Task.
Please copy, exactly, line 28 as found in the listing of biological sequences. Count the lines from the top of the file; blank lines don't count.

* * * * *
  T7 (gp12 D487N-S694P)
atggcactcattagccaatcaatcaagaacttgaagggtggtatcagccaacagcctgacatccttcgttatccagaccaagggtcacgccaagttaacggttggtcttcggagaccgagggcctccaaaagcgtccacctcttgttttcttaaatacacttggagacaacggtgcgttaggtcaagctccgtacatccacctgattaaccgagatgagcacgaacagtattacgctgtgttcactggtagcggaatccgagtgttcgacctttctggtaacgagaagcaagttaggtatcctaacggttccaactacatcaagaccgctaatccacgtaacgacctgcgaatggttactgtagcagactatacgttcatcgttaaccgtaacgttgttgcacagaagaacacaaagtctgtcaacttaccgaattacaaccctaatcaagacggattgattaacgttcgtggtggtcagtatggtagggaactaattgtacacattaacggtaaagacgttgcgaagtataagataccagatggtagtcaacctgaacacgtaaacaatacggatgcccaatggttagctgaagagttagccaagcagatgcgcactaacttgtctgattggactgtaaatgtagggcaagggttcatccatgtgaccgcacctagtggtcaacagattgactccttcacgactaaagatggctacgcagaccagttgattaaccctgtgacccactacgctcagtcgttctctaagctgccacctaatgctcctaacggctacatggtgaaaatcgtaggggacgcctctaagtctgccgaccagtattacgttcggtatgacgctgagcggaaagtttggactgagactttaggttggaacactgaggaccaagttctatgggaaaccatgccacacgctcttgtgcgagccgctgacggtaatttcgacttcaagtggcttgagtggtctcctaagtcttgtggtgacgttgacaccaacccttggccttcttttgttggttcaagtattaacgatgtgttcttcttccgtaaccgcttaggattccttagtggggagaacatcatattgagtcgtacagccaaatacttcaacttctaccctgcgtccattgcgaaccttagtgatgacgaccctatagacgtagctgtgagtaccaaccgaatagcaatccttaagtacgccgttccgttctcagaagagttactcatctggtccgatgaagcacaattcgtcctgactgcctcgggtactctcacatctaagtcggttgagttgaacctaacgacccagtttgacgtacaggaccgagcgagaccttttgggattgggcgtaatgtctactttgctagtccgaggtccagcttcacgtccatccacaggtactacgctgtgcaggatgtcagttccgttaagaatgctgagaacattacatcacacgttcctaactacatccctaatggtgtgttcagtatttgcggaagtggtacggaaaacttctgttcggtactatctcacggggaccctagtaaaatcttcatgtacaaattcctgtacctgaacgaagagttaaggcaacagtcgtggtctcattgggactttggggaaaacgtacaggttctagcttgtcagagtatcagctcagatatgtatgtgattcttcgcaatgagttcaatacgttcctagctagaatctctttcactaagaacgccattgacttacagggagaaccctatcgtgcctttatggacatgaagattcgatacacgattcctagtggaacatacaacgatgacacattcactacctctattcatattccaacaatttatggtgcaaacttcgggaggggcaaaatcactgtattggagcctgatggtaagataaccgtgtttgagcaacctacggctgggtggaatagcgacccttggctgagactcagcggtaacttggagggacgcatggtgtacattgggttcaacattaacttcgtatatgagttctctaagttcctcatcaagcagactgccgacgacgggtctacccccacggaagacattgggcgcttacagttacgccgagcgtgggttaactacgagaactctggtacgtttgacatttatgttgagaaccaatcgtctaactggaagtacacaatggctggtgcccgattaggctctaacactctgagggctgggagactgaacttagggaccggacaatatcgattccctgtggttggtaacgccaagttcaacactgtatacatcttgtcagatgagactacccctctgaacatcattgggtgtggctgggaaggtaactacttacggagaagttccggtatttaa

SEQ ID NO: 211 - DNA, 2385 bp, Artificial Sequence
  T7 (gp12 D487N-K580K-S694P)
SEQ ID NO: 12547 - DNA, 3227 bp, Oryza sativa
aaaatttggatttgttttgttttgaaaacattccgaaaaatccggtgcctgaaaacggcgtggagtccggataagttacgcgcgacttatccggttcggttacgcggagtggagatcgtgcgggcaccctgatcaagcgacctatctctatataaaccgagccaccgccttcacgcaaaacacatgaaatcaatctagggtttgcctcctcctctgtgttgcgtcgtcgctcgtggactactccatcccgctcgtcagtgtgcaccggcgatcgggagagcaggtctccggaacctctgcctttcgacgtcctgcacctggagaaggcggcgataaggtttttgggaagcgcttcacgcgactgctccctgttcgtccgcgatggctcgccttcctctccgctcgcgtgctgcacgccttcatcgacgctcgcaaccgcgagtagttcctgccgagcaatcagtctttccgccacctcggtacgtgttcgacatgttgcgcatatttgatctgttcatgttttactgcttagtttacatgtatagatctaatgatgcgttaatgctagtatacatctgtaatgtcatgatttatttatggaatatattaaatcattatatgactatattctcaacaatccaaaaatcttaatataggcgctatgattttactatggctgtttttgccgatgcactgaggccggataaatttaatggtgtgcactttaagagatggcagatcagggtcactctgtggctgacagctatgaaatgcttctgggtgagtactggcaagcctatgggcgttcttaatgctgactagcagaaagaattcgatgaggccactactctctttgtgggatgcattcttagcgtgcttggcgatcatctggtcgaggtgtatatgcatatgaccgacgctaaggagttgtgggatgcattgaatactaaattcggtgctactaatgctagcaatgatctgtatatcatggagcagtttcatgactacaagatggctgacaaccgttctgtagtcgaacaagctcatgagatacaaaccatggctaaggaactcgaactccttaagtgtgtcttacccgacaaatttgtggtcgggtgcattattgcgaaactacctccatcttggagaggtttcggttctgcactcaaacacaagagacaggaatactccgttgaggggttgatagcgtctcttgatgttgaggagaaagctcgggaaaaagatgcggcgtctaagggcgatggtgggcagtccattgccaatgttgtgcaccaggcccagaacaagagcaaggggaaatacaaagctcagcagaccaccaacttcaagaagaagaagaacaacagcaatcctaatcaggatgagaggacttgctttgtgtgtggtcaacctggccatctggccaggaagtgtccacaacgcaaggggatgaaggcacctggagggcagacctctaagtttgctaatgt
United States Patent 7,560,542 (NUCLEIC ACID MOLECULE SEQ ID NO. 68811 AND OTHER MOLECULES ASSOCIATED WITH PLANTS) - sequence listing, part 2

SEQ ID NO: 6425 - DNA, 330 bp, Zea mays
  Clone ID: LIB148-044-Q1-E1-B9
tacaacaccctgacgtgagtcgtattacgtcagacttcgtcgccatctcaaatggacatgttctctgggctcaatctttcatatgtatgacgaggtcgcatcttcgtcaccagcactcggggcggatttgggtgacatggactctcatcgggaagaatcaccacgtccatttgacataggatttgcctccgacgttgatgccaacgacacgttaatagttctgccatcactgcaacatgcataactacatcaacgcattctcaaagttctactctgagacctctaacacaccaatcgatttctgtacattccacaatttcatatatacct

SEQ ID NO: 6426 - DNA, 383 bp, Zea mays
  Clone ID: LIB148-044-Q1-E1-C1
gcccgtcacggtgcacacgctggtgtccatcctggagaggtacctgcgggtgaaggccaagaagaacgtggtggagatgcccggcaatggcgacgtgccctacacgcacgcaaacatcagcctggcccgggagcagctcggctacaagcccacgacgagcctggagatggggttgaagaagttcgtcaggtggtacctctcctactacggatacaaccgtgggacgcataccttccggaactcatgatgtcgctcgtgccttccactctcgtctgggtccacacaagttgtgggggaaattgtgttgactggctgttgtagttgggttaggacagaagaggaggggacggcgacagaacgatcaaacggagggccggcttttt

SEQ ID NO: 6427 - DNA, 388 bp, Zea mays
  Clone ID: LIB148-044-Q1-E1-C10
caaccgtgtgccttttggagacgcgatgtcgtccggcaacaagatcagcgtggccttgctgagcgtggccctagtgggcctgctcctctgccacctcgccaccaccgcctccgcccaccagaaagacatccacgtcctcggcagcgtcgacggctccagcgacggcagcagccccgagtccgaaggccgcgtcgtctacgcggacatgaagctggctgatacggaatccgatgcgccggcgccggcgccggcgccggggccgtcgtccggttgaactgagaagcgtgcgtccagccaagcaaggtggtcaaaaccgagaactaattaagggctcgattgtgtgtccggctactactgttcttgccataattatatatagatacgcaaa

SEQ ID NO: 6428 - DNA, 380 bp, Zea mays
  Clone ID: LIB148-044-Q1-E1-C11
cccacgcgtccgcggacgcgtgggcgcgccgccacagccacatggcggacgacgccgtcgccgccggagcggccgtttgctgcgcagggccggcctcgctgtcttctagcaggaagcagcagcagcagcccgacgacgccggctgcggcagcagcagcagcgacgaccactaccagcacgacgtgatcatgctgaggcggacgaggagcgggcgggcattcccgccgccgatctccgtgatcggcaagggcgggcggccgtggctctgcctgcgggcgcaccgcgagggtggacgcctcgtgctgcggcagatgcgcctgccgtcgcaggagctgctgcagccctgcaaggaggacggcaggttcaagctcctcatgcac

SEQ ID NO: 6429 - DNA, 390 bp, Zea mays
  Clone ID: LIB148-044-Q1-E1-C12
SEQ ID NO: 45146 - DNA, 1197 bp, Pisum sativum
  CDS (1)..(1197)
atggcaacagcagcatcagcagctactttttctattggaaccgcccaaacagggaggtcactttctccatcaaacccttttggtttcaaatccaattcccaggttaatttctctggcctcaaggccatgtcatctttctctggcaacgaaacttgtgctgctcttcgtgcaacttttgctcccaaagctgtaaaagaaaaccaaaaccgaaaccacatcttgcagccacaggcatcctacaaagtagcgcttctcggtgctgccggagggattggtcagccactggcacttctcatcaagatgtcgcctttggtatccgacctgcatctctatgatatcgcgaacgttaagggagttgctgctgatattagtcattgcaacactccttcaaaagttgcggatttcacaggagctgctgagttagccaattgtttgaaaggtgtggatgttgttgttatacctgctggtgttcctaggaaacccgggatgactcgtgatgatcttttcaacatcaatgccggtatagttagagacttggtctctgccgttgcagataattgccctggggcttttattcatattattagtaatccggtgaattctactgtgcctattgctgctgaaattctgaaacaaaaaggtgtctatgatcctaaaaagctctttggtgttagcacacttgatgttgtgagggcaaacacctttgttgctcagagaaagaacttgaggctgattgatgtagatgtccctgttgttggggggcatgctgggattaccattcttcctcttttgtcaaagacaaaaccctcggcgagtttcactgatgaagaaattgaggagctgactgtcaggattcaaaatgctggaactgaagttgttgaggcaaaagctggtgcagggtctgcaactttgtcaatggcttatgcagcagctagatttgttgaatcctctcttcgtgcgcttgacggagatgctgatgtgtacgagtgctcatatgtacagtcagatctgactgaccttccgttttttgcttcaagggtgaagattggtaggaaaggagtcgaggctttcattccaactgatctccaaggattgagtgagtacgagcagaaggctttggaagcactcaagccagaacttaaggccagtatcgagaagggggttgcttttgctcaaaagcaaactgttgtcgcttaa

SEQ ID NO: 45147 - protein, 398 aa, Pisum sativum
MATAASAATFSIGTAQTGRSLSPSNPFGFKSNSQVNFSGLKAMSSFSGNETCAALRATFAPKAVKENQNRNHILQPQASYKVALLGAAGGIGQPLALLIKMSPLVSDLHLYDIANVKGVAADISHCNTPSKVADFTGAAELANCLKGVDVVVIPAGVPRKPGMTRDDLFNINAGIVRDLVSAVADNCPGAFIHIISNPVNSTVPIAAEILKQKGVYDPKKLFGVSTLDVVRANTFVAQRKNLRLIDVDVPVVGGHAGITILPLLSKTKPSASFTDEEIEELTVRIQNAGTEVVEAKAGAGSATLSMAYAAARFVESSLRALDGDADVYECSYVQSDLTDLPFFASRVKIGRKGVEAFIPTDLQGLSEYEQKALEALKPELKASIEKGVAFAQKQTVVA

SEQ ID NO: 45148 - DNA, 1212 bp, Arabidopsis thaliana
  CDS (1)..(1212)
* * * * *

  CDS (1)..(1212)